As a graduate student, I would cup my hands around my teacup and remember. I tasted the sound of words. I marked the layers of myself in her office overlooking the meadow. This — in all its messy glory — was how I chased beauty. I’d traded hours of reading and collegial conversations for the chatter of toddlers, but there was beauty here, too — in the pouring out, in the listening.

So in my mid-November present, I buy a quick-mix pumpkin bread from Trader Joe’s and get down the blue teapot I bought at a consignment shop in the UK. After school, I’ll leave a book of poetry in the wooden box that sits in the middle of the dining table. My boys will huddle around math notebooks and my daughter will do her “homework,” her preschool coloring pages.

I vow not to run away to work on a writing project or take out my phone. I’ll sit at the table, pouring tea. We might get through a few more poems this year. We’ll practice the art of remembering in real time: I’ll tell my firstborn again about his book of poetry from Susan. I’ll remind my daughter how she bears Susan’s name as a middle name. We’ll all partake of the story of words and delight. There will likely be crumbs still, and sibling bickering and maybe even some eye-rolling. But, I pray, tea and good words — and most of all our sustained presence together — will be the liturgies my children steep themselves in to know how beloved they are. I’ll sit at the end of the table, sharpening our bouquet of pencils for another year of marking time.

mama chicken pot pie: a recipe

An imprecise and forgiving recipe to help tired men and women find good comfort food when time is short. It’s highly adaptable, sure to fit whatever leftovers you may have on hand.


2 cups flour
2½ teaspoons baking powder
½ teaspoon salt
½ cup (1 stick) chilled butter, cut in pieces
1 ¼ c whole milk (or other milk)
cheddar cheese


garlic and onion
spice (sage, oregano, smoked paprika, salt and pepper)
frozen corn or peas
cut up carrots
meat or veggie protein you have on hand, cubed
diced potatoes
leftover soup or broth
½ cup sour cream or milk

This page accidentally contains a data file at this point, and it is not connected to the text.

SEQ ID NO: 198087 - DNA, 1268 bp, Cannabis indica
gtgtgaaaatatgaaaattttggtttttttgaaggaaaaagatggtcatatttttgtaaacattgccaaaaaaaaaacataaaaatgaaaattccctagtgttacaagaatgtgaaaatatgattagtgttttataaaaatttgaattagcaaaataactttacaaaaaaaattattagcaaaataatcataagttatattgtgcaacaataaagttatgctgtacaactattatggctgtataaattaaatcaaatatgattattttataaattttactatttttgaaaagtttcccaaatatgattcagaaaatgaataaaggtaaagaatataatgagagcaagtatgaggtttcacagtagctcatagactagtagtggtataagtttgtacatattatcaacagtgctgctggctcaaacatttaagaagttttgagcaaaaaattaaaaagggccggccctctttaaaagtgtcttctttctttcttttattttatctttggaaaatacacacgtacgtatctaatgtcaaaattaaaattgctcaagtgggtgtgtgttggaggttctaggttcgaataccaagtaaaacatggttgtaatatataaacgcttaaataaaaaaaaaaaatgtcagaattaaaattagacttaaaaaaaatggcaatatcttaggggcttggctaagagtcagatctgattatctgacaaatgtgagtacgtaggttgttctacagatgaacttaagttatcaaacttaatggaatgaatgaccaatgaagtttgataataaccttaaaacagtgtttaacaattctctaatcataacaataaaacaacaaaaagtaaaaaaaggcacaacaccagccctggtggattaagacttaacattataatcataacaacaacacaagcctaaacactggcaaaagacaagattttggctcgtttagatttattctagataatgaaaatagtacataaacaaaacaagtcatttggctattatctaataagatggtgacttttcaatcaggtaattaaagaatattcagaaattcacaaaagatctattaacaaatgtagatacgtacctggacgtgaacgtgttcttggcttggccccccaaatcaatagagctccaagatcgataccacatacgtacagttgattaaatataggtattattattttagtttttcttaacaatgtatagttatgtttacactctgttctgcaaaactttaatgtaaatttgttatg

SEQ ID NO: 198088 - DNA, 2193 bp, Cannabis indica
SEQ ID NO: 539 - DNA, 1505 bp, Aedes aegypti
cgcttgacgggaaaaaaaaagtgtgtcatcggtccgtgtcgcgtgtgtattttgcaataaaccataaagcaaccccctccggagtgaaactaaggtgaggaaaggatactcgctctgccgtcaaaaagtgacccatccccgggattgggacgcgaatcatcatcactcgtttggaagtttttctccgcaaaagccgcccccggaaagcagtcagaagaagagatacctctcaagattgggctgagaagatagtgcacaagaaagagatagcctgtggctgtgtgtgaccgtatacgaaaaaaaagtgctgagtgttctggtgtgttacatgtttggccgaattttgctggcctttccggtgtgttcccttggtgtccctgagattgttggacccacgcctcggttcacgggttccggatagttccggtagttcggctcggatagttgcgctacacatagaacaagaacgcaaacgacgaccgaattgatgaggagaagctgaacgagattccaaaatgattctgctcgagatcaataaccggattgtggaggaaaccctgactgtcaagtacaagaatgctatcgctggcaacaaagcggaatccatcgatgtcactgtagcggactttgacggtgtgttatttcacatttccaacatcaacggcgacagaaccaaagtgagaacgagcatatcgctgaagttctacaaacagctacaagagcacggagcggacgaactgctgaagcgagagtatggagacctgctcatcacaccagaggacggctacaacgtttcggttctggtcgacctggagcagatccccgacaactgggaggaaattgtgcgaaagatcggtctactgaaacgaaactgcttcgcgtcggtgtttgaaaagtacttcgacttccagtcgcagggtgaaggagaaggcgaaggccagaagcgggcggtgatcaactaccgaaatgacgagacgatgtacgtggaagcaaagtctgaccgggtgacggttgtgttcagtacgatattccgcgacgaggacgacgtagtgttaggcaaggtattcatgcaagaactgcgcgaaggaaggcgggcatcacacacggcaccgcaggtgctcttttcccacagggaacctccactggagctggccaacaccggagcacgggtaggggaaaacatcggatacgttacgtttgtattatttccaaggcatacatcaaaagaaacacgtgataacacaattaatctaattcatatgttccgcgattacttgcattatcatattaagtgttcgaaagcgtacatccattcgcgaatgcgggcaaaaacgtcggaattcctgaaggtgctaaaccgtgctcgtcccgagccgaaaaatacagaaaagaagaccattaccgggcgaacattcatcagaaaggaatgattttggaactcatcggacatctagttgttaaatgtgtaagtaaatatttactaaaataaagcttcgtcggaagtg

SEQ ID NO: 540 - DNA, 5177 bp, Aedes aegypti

Make biscuits. Preheat your oven to 425°. If you have a pancake mix or Bisquick on hand, use the mix to make your quick biscuits. Otherwise, combine flour, baking soda, and salt in a bowl. Cut in butter with a knife and fork, and then pour in milk and stir to combine. Knead with your hands and make sure the dough feels sticky but not wet (add more milk or flour if the consistency isn’t right). Drop biscuits in large chunks on a baking sheet and bake for 12-15 minutes until the tops are light brown.

Make filling. While biscuits are baking, warm the butter, garlic, and spices in a skillet. Add diced onion and cook until translucent. Add your cubed meat (or other protein) and veggies; cook over medium heat. Add some water, broth, and sour cream (or other liquid) so that ratio of solid food to liquid is about 2:1. Simmer for a few minutes while your biscuits cook.

Combine into casserole. Place filling in the bottom of a small casserole dish or covered cast-iron baking dish. Layer the biscuits on top and mash with a fork to flatten them. Add some grated cheddar cheese on top. Bake at 350° for 5 minutes, until cheese is melted.

Serve and eat. Scoop out and ladle into shallow bowls. Serve with salad or green beans, or just by itself.


About the Author

Ashley Hales (PhD, University of Edinburgh) is a writer, speaker, and host of the Finding Holy podcast. She is the author of A Spacious Life and Finding Holy in the Suburbs and her writing has been featured in Christianity Today, Books and Culture, and The Gospel Coalition. Ashley is married to a pastor and the mother to four children.